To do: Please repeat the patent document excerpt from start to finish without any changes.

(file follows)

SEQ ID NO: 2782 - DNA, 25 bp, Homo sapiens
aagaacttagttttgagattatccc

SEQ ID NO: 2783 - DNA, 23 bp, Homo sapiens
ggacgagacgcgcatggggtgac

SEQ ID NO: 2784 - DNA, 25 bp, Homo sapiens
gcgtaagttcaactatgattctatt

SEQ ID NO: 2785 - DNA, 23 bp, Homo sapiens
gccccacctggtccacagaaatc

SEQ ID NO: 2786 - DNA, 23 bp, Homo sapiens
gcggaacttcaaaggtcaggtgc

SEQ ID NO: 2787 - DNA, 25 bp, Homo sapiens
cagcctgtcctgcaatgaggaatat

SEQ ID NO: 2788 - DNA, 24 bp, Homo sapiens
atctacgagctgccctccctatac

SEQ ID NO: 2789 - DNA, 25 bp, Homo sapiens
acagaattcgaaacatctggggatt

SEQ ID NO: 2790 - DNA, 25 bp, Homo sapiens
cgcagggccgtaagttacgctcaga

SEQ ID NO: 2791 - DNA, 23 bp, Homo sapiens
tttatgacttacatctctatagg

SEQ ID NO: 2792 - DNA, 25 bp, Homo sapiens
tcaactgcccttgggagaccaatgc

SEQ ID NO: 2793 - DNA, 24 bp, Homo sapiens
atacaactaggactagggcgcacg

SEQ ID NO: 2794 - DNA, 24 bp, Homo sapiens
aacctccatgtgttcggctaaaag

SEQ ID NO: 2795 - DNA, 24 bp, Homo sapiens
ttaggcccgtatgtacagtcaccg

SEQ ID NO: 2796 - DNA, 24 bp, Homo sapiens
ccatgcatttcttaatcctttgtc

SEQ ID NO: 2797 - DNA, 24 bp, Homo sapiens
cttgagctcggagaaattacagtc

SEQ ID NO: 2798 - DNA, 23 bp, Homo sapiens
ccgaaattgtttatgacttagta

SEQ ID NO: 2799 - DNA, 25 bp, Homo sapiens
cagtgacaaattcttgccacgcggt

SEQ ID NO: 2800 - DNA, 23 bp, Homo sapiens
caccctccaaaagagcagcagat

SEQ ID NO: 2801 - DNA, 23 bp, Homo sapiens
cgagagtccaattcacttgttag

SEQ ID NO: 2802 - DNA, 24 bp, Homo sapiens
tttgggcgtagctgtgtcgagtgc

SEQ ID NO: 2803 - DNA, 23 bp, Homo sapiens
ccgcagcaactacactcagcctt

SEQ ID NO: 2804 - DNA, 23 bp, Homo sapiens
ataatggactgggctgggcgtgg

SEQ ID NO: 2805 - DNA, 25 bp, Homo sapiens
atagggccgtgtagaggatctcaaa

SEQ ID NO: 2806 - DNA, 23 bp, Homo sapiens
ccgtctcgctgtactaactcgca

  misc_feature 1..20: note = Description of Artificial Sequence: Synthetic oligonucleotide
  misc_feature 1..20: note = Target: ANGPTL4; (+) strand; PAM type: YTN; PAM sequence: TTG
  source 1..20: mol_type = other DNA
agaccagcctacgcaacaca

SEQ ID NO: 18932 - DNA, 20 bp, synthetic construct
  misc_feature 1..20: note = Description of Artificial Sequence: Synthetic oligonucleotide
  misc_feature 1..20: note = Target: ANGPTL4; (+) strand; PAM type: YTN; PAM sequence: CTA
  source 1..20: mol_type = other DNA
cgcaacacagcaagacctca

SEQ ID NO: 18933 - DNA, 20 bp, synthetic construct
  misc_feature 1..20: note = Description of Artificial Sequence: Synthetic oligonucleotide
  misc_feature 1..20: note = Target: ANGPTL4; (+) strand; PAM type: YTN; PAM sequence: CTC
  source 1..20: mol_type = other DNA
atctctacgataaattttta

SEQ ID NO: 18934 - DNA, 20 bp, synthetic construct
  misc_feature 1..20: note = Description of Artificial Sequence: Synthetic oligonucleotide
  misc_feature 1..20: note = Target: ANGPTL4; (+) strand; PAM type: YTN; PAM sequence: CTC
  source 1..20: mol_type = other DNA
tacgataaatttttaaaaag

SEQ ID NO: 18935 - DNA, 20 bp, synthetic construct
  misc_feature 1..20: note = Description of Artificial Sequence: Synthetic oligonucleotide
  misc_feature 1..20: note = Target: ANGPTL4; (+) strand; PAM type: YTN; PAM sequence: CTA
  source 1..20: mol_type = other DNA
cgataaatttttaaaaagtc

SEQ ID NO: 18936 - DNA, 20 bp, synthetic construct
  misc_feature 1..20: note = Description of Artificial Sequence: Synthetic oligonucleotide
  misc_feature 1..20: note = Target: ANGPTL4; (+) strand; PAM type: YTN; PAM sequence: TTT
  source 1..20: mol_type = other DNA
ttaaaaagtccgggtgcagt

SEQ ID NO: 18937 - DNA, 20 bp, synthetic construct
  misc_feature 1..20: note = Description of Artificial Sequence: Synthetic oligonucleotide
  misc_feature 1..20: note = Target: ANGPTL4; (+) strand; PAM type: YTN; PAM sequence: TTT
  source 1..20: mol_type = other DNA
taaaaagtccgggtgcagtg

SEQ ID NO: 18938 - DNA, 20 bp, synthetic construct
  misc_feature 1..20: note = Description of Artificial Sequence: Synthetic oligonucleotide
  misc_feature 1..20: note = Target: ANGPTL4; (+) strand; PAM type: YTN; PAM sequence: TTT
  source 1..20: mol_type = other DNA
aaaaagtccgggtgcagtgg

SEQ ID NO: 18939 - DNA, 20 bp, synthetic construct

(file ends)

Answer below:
SEQ ID NO: 2782 - DNA, 25 bp, Homo sapiens
aagaacttagttttgagattatccc

SEQ ID NO: 2783 - DNA, 23 bp, Homo sapiens
ggacgagacgcgcatggggtgac

SEQ ID NO: 2784 - DNA, 25 bp, Homo sapiens
gcgtaagttcaactatgattctatt

SEQ ID NO: 2785 - DNA, 23 bp, Homo sapiens
gccccacctggtccacagaaatc

SEQ ID NO: 2786 - DNA, 23 bp, Homo sapiens
gcggaacttcaaaggtcaggtgc

SEQ ID NO: 2787 - DNA, 25 bp, Homo sapiens
cagcctgtcctgcaatgaggaatat

SEQ ID NO: 2788 - DNA, 24 bp, Homo sapiens
atctacgagctgccctccctatac

SEQ ID NO: 2789 - DNA, 25 bp, Homo sapiens
acagaattcgaaacatctggggatt

SEQ ID NO: 2790 - DNA, 25 bp, Homo sapiens
cgcagggccgtaagttacgctcaga

SEQ ID NO: 2791 - DNA, 23 bp, Homo sapiens
tttatgacttacatctctatagg

SEQ ID NO: 2792 - DNA, 25 bp, Homo sapiens
tcaactgcccttgggagaccaatgc

SEQ ID NO: 2793 - DNA, 24 bp, Homo sapiens
atacaactaggactagggcgcacg

SEQ ID NO: 2794 - DNA, 24 bp, Homo sapiens
aacctccatgtgttcggctaaaag

SEQ ID NO: 2795 - DNA, 24 bp, Homo sapiens
ttaggcccgtatgtacagtcaccg

SEQ ID NO: 2796 - DNA, 24 bp, Homo sapiens
ccatgcatttcttaatcctttgtc

SEQ ID NO: 2797 - DNA, 24 bp, Homo sapiens
cttgagctcggagaaattacagtc

SEQ ID NO: 2798 - DNA, 23 bp, Homo sapiens
ccgaaattgtttatgacttagta

SEQ ID NO: 2799 - DNA, 25 bp, Homo sapiens
cagtgacaaattcttgccacgcggt

SEQ ID NO: 2800 - DNA, 23 bp, Homo sapiens
caccctccaaaagagcagcagat

SEQ ID NO: 2801 - DNA, 23 bp, Homo sapiens
cgagagtccaattcacttgttag

SEQ ID NO: 2802 - DNA, 24 bp, Homo sapiens
tttgggcgtagctgtgtcgagtgc

SEQ ID NO: 2803 - DNA, 23 bp, Homo sapiens
ccgcagcaactacactcagcctt

SEQ ID NO: 2804 - DNA, 23 bp, Homo sapiens
ataatggactgggctgggcgtgg

SEQ ID NO: 2805 - DNA, 25 bp, Homo sapiens
atagggccgtgtagaggatctcaaa

SEQ ID NO: 2806 - DNA, 23 bp, Homo sapiens
ccgtctcgctgtactaactcgca

  misc_feature 1..20: note = Description of Artificial Sequence: Synthetic oligonucleotide
  misc_feature 1..20: note = Target: ANGPTL4; (+) strand; PAM type: YTN; PAM sequence: TTG
  source 1..20: mol_type = other DNA
agaccagcctacgcaacaca

SEQ ID NO: 18932 - DNA, 20 bp, synthetic construct
  misc_feature 1..20: note = Description of Artificial Sequence: Synthetic oligonucleotide
  misc_feature 1..20: note = Target: ANGPTL4; (+) strand; PAM type: YTN; PAM sequence: CTA
  source 1..20: mol_type = other DNA
cgcaacacagcaagacctca

SEQ ID NO: 18933 - DNA, 20 bp, synthetic construct
  misc_feature 1..20: note = Description of Artificial Sequence: Synthetic oligonucleotide
  misc_feature 1..20: note = Target: ANGPTL4; (+) strand; PAM type: YTN; PAM sequence: CTC
  source 1..20: mol_type = other DNA
atctctacgataaattttta

SEQ ID NO: 18934 - DNA, 20 bp, synthetic construct
  misc_feature 1..20: note = Description of Artificial Sequence: Synthetic oligonucleotide
  misc_feature 1..20: note = Target: ANGPTL4; (+) strand; PAM type: YTN; PAM sequence: CTC
  source 1..20: mol_type = other DNA
tacgataaatttttaaaaag

SEQ ID NO: 18935 - DNA, 20 bp, synthetic construct
  misc_feature 1..20: note = Description of Artificial Sequence: Synthetic oligonucleotide
  misc_feature 1..20: note = Target: ANGPTL4; (+) strand; PAM type: YTN; PAM sequence: CTA
  source 1..20: mol_type = other DNA
cgataaatttttaaaaagtc

SEQ ID NO: 18936 - DNA, 20 bp, synthetic construct
  misc_feature 1..20: note = Description of Artificial Sequence: Synthetic oligonucleotide
  misc_feature 1..20: note = Target: ANGPTL4; (+) strand; PAM type: YTN; PAM sequence: TTT
  source 1..20: mol_type = other DNA
ttaaaaagtccgggtgcagt

SEQ ID NO: 18937 - DNA, 20 bp, synthetic construct
  misc_feature 1..20: note = Description of Artificial Sequence: Synthetic oligonucleotide
  misc_feature 1..20: note = Target: ANGPTL4; (+) strand; PAM type: YTN; PAM sequence: TTT
  source 1..20: mol_type = other DNA
taaaaagtccgggtgcagtg

SEQ ID NO: 18938 - DNA, 20 bp, synthetic construct
  misc_feature 1..20: note = Description of Artificial Sequence: Synthetic oligonucleotide
  misc_feature 1..20: note = Target: ANGPTL4; (+) strand; PAM type: YTN; PAM sequence: TTT
  source 1..20: mol_type = other DNA
aaaaagtccgggtgcagtgg

SEQ ID NO: 18939 - DNA, 20 bp, synthetic construct